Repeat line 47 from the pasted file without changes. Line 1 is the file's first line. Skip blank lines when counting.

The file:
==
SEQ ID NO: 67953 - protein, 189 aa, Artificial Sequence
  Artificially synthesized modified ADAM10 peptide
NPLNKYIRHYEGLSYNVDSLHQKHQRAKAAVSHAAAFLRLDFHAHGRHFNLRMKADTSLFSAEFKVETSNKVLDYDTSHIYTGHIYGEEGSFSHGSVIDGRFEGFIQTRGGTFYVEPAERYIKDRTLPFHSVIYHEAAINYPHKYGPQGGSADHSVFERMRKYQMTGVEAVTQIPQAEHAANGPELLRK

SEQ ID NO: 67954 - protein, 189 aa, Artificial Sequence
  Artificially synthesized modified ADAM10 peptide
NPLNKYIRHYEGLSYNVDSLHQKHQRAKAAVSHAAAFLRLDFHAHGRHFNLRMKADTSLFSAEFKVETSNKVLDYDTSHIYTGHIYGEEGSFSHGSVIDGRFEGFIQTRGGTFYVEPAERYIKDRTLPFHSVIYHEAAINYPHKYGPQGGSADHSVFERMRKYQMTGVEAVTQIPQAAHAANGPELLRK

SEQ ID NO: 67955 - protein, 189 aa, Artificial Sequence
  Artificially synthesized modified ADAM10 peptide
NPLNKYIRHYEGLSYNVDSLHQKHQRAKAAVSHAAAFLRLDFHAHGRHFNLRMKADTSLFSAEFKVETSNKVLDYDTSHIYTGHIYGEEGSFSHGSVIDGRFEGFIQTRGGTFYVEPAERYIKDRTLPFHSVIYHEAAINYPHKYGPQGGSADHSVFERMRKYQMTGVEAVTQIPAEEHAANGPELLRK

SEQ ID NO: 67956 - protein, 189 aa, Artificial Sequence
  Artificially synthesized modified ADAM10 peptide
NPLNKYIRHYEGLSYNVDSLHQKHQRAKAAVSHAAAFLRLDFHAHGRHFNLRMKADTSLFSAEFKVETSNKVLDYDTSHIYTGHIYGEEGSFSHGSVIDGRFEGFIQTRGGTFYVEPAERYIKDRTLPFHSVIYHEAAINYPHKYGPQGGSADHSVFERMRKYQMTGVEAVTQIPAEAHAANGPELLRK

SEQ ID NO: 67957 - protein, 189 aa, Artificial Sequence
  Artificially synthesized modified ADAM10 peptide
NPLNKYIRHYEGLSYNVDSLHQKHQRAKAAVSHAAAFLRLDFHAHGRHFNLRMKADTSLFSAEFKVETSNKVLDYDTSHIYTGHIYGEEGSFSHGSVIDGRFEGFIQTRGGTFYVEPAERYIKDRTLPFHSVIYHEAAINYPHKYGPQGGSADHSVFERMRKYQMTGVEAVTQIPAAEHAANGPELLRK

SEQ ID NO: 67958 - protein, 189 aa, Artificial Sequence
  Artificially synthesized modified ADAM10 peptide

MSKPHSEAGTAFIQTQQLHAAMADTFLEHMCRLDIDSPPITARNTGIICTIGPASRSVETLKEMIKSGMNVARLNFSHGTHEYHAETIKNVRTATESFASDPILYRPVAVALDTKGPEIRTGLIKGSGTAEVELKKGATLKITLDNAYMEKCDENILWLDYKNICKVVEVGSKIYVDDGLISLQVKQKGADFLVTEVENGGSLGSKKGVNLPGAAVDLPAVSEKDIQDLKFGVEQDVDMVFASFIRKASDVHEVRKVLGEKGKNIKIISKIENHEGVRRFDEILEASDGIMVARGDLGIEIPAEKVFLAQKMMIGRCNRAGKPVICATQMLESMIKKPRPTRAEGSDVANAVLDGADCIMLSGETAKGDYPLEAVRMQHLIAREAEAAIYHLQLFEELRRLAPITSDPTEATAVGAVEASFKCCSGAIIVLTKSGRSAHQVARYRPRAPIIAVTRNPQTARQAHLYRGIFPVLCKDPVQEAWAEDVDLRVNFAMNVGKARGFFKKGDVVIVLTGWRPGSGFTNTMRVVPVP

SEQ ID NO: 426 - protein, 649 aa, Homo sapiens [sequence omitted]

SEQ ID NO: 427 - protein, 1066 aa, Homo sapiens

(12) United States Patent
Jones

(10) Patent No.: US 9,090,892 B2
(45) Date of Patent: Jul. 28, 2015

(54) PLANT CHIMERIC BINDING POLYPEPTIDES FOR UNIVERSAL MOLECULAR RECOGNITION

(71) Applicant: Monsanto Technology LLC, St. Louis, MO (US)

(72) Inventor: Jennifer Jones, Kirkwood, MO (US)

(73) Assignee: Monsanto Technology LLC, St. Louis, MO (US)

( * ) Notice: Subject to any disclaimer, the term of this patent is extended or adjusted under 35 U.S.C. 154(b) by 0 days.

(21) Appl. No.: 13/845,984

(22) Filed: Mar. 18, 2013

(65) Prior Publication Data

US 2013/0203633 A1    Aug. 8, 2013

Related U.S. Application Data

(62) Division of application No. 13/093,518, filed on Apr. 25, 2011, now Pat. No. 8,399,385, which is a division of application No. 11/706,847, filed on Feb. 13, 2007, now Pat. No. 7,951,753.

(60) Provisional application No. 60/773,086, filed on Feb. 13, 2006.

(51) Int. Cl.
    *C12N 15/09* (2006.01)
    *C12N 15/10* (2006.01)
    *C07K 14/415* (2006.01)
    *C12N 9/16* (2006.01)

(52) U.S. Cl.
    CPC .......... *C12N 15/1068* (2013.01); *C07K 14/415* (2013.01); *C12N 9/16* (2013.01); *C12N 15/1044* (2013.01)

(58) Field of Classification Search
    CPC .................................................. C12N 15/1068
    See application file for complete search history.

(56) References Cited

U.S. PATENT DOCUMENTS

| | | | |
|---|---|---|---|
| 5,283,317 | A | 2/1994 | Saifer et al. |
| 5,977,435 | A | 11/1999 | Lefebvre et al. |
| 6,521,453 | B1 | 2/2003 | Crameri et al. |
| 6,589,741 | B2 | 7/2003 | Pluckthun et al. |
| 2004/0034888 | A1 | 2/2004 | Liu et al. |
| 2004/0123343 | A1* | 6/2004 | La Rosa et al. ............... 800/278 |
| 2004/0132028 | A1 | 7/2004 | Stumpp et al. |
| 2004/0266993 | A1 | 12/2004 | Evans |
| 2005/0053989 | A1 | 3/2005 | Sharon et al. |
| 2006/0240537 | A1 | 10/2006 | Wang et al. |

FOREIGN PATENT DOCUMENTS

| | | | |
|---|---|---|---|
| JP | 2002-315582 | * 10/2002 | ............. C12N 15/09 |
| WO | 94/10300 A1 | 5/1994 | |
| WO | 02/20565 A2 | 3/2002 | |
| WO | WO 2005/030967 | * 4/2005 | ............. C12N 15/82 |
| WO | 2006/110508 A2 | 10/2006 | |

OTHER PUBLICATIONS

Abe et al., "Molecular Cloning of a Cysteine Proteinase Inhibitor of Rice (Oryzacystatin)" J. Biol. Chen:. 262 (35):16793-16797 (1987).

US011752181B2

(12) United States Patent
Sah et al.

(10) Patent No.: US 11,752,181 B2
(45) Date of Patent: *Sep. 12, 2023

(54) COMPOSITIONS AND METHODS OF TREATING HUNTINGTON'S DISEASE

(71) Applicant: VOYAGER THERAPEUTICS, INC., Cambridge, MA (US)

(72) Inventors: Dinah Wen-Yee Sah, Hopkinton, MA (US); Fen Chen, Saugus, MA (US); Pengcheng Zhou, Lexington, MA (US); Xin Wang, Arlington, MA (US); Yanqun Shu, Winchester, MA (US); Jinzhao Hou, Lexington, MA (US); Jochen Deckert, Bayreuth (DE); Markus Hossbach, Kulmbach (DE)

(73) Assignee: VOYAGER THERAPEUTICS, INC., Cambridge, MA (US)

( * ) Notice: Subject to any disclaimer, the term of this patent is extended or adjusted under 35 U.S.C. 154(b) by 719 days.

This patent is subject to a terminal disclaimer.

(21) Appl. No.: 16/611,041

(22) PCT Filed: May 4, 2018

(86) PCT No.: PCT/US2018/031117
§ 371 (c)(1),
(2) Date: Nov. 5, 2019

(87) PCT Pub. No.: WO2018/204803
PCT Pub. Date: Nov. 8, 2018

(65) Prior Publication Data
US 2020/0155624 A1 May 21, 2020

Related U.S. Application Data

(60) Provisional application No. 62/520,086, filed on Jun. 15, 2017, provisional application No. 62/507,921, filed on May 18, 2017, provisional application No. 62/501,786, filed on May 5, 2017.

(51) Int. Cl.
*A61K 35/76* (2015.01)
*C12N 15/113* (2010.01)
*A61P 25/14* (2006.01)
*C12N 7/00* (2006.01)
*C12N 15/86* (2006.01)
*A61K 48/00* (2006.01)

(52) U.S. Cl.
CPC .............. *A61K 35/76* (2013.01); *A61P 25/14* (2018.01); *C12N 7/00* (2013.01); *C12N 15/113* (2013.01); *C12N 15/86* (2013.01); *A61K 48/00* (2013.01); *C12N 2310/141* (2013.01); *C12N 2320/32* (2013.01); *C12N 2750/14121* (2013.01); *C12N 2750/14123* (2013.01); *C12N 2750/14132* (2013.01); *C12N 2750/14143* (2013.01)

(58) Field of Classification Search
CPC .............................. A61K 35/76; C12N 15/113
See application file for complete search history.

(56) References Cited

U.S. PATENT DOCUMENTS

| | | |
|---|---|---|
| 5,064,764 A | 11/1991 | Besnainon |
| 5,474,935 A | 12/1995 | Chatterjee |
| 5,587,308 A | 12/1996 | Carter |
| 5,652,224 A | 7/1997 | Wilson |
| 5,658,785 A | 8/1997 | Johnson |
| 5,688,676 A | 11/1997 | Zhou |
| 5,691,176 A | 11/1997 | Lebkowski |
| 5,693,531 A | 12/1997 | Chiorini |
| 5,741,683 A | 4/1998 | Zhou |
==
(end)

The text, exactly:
(56) References Cited